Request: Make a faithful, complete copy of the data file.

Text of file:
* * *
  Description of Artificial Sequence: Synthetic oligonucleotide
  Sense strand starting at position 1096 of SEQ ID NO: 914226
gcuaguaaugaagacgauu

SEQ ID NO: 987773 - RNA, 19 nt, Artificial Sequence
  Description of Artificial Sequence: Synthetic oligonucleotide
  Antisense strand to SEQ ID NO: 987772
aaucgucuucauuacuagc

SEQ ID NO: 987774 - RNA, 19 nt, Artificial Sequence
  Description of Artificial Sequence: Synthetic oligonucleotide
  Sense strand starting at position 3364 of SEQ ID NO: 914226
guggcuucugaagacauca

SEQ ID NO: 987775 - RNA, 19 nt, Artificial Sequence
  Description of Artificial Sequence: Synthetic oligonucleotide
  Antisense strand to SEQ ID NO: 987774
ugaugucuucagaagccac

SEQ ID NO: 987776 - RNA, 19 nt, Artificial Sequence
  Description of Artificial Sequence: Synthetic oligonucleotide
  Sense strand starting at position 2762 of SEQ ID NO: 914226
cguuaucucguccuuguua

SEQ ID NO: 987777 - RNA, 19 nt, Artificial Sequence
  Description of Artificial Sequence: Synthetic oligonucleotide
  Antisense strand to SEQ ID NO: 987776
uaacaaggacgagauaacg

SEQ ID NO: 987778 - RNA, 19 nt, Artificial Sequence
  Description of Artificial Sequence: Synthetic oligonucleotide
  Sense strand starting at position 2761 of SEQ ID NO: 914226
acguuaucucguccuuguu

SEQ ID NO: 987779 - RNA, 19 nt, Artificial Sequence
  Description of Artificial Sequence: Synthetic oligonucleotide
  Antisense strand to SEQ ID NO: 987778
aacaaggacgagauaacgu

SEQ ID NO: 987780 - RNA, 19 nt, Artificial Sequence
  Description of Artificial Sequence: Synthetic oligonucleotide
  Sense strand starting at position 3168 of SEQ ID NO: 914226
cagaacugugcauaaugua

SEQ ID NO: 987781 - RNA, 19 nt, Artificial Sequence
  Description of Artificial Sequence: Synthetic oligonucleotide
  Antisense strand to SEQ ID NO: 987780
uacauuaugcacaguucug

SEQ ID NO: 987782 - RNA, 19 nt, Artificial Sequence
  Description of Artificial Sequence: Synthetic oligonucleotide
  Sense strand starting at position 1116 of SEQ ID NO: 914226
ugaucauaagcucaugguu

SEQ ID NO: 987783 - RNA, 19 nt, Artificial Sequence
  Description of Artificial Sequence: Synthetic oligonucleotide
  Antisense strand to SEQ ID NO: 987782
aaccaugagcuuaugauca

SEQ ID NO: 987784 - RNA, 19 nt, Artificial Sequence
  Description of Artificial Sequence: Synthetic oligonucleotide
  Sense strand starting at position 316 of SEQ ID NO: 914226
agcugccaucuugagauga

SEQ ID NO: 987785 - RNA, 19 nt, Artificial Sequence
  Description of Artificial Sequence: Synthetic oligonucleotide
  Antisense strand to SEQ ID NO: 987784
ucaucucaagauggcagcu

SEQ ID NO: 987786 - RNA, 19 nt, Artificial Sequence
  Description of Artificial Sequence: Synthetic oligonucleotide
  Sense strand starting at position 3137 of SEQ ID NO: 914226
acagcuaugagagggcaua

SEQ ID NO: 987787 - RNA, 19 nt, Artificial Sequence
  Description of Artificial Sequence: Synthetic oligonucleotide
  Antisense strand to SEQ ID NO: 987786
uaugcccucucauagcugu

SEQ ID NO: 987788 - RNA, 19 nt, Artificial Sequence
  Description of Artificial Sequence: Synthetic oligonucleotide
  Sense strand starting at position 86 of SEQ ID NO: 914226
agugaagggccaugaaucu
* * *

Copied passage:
  Description of Artificial Sequence: Synthetic oligonucleotide
  Sense strand starting at position 1096 of SEQ ID NO: 914226
gcuaguaaugaagacgauu

SEQ ID NO: 987773 - RNA, 19 nt, Artificial Sequence
  Description of Artificial Sequence: Synthetic oligonucleotide
  Antisense strand to SEQ ID NO: 987772
aaucgucuucauuacuagc

SEQ ID NO: 987774 - RNA, 19 nt, Artificial Sequence
  Description of Artificial Sequence: Synthetic oligonucleotide
  Sense strand starting at position 3364 of SEQ ID NO: 914226
guggcuucugaagacauca

SEQ ID NO: 987775 - RNA, 19 nt, Artificial Sequence
  Description of Artificial Sequence: Synthetic oligonucleotide
  Antisense strand to SEQ ID NO: 987774
ugaugucuucagaagccac

SEQ ID NO: 987776 - RNA, 19 nt, Artificial Sequence
  Description of Artificial Sequence: Synthetic oligonucleotide
  Sense strand starting at position 2762 of SEQ ID NO: 914226
cguuaucucguccuuguua

SEQ ID NO: 987777 - RNA, 19 nt, Artificial Sequence
  Description of Artificial Sequence: Synthetic oligonucleotide
  Antisense strand to SEQ ID NO: 987776
uaacaaggacgagauaacg

SEQ ID NO: 987778 - RNA, 19 nt, Artificial Sequence
  Description of Artificial Sequence: Synthetic oligonucleotide
  Sense strand starting at position 2761 of SEQ ID NO: 914226
acguuaucucguccuuguu

SEQ ID NO: 987779 - RNA, 19 nt, Artificial Sequence
  Description of Artificial Sequence: Synthetic oligonucleotide
  Antisense strand to SEQ ID NO: 987778
aacaaggacgagauaacgu

SEQ ID NO: 987780 - RNA, 19 nt, Artificial Sequence
  Description of Artificial Sequence: Synthetic oligonucleotide
  Sense strand starting at position 3168 of SEQ ID NO: 914226
cagaacugugcauaaugua

SEQ ID NO: 987781 - RNA, 19 nt, Artificial Sequence
  Description of Artificial Sequence: Synthetic oligonucleotide
  Antisense strand to SEQ ID NO: 987780
uacauuaugcacaguucug

SEQ ID NO: 987782 - RNA, 19 nt, Artificial Sequence
  Description of Artificial Sequence: Synthetic oligonucleotide
  Sense strand starting at position 1116 of SEQ ID NO: 914226
ugaucauaagcucaugguu

SEQ ID NO: 987783 - RNA, 19 nt, Artificial Sequence
  Description of Artificial Sequence: Synthetic oligonucleotide
  Antisense strand to SEQ ID NO: 987782
aaccaugagcuuaugauca

SEQ ID NO: 987784 - RNA, 19 nt, Artificial Sequence
  Description of Artificial Sequence: Synthetic oligonucleotide
  Sense strand starting at position 316 of SEQ ID NO: 914226
agcugccaucuugagauga

SEQ ID NO: 987785 - RNA, 19 nt, Artificial Sequence
  Description of Artificial Sequence: Synthetic oligonucleotide
  Antisense strand to SEQ ID NO: 987784
ucaucucaagauggcagcu

SEQ ID NO: 987786 - RNA, 19 nt, Artificial Sequence
  Description of Artificial Sequence: Synthetic oligonucleotide
  Sense strand starting at position 3137 of SEQ ID NO: 914226
acagcuaugagagggcaua

SEQ ID NO: 987787 - RNA, 19 nt, Artificial Sequence
  Description of Artificial Sequence: Synthetic oligonucleotide
  Antisense strand to SEQ ID NO: 987786
uaugcccucucauagcugu

SEQ ID NO: 987788 - RNA, 19 nt, Artificial Sequence
  Description of Artificial Sequence: Synthetic oligonucleotide
  Sense strand starting at position 86 of SEQ ID NO: 914226
agugaagggccaugaaucu